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Money, liquidity and welfare

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  • Wen, Yi

Abstract

This paper develops an analytically tractable Bewley model of money demand to shed light on some important questions in monetary theory, such as the welfare cost of inflation. It is shown that when money is a vital form of liquidity to meet uncertain consumption needs, the welfare costs of inflation can be extremely large. With log utility and parameter values that best match both the aggregate money demand curve suggested by Lucas (2000) and the variance of household consumption, agents in our model are willing to reduce consumption by 3–4% to avoid 10% annual inflation. The astonishingly large welfare costs of inflation arise because inflation increases consumption risk by eroding the buffer-stock-insurance value of money, thus hindering consumption smoothing at the household level. Such an inflation-induced increase in consumption risk at the micro level cannot be captured by representative-agent models or the Bailey triangle. Although the development of financial intermediation can mitigate the problem, with realistic credit limits the welfare loss of moderate inflation still remains several times larger than estimations based on the Bailey triangle. Our findings provide a strong justification for adopting a low inflation target by central banks, especially in developing countries where money is the major form of household financial wealth.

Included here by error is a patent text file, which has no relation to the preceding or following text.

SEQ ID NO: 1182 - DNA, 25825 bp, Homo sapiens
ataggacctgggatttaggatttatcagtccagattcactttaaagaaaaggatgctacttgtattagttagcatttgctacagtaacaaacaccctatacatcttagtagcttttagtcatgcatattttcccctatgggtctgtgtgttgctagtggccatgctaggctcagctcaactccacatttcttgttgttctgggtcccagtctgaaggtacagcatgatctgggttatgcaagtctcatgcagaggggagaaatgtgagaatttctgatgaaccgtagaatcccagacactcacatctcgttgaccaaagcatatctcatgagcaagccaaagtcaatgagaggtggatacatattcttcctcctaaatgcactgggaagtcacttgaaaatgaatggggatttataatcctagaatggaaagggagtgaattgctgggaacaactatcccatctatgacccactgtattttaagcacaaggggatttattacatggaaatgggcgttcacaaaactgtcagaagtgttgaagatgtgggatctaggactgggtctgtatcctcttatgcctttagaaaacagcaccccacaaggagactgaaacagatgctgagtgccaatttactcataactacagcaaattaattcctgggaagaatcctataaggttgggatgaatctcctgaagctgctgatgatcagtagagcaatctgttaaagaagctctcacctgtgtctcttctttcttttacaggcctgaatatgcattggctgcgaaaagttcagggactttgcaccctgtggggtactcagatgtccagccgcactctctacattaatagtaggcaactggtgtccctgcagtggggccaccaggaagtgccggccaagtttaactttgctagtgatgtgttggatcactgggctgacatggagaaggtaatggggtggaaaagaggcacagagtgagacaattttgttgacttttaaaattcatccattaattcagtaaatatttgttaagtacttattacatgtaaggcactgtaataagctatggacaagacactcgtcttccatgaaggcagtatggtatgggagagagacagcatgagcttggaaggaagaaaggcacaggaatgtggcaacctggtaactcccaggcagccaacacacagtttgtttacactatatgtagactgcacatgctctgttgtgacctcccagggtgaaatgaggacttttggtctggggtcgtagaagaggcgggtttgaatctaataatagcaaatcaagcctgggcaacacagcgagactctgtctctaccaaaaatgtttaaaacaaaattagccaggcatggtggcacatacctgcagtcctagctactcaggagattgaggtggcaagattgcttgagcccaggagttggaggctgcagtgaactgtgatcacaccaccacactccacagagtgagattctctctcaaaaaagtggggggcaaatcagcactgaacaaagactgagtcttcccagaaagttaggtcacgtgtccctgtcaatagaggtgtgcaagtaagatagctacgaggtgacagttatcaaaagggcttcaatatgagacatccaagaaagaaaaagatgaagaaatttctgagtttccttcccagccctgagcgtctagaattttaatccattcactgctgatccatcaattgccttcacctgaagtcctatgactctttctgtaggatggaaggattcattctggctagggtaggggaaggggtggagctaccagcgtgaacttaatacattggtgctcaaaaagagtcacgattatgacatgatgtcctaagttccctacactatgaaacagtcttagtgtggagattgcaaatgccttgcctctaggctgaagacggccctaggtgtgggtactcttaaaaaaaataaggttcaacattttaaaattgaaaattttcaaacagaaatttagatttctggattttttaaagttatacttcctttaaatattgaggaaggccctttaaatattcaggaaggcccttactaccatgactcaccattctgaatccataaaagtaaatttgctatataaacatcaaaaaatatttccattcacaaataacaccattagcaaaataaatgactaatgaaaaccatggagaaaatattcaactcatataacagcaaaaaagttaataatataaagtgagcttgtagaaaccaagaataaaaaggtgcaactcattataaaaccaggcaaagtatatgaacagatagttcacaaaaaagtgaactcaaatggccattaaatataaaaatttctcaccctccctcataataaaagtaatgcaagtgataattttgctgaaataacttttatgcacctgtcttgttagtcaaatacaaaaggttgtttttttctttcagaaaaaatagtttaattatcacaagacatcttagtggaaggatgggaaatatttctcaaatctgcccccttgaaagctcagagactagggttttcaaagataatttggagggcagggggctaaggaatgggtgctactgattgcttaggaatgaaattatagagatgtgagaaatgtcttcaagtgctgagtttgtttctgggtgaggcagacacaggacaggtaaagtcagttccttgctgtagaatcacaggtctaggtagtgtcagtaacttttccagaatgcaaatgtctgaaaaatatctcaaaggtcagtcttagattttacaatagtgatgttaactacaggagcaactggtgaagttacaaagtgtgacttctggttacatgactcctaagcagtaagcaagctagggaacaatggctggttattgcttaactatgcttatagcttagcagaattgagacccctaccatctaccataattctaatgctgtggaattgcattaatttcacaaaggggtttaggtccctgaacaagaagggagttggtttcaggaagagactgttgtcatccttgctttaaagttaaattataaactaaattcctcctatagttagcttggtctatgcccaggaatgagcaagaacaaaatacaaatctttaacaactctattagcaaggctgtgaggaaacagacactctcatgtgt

Suggested Citation

  • Wen, Yi, 2015. "Money, liquidity and welfare," European Economic Review, Elsevier, vol. 76(C), pages 1-24.
  • Handle: RePEc:eee:eecrev:v:76:y:2015:i:c:p:1-24
    DOI: 10.1016/j.euroecorev.2015.01.012
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    Cited by:

    1. Sergio Salas, 2020. "Precautionary Money Demand in a Cash-in-Advance Model," Working Papers 2020-03, Escuela de Negocios y Economía, Pontificia Universidad Católica de Valparaíso.
    2. Hongfei Sun & Chenggang Zhou, 2018. "Monetary and fiscal policies in a heterogeneous‐agent economy," Canadian Journal of Economics/Revue canadienne d'économique, John Wiley & Sons, vol. 51(3), pages 747-783, August.
    3. Dong, Feng & Liu, Jianfeng & Xu, Zhiwei & Zhao, Bo, 2021. "Flight to housing in China," Journal of Economic Dynamics and Control, Elsevier, vol. 130(C).
    4. Chien, YiLi & Wen, Yi, 2021. "Time-inconsistent optimal quantity of debt," European Economic Review, Elsevier, vol. 140(C).
    5. YiLi Chien & Yi Wen, 2022. "Optimal Ramsey Taxation in Heterogeneous Agent Economies with Quasi-Linear Preferences," Review of Economic Dynamics, Elsevier for the Society for Economic Dynamics, vol. 46, pages 124-160, October.
    6. Zhao, Bo, 2020. "COVID-19 pandemic, health risks, and economic consequences: Evidence from China," China Economic Review, Elsevier, vol. 64(C).
    7. Chen, Yunmin & Chien, YiLi & Wen, Yi & Yang, C.C., 2021. "Are unconditional lump-sum transfers a good idea?," Economics Letters, Elsevier, vol. 209(C).
    8. Curran, Michael & Dressler, Scott J., 2020. "Preferences, inflation, and welfare," European Economic Review, Elsevier, vol. 130(C).
    9. Dressler, Scott, 2016. "A long-run, short-run, and politico-economic analysis of the welfare costs of inflation," Journal of Macroeconomics, Elsevier, vol. 47(PB), pages 255-269.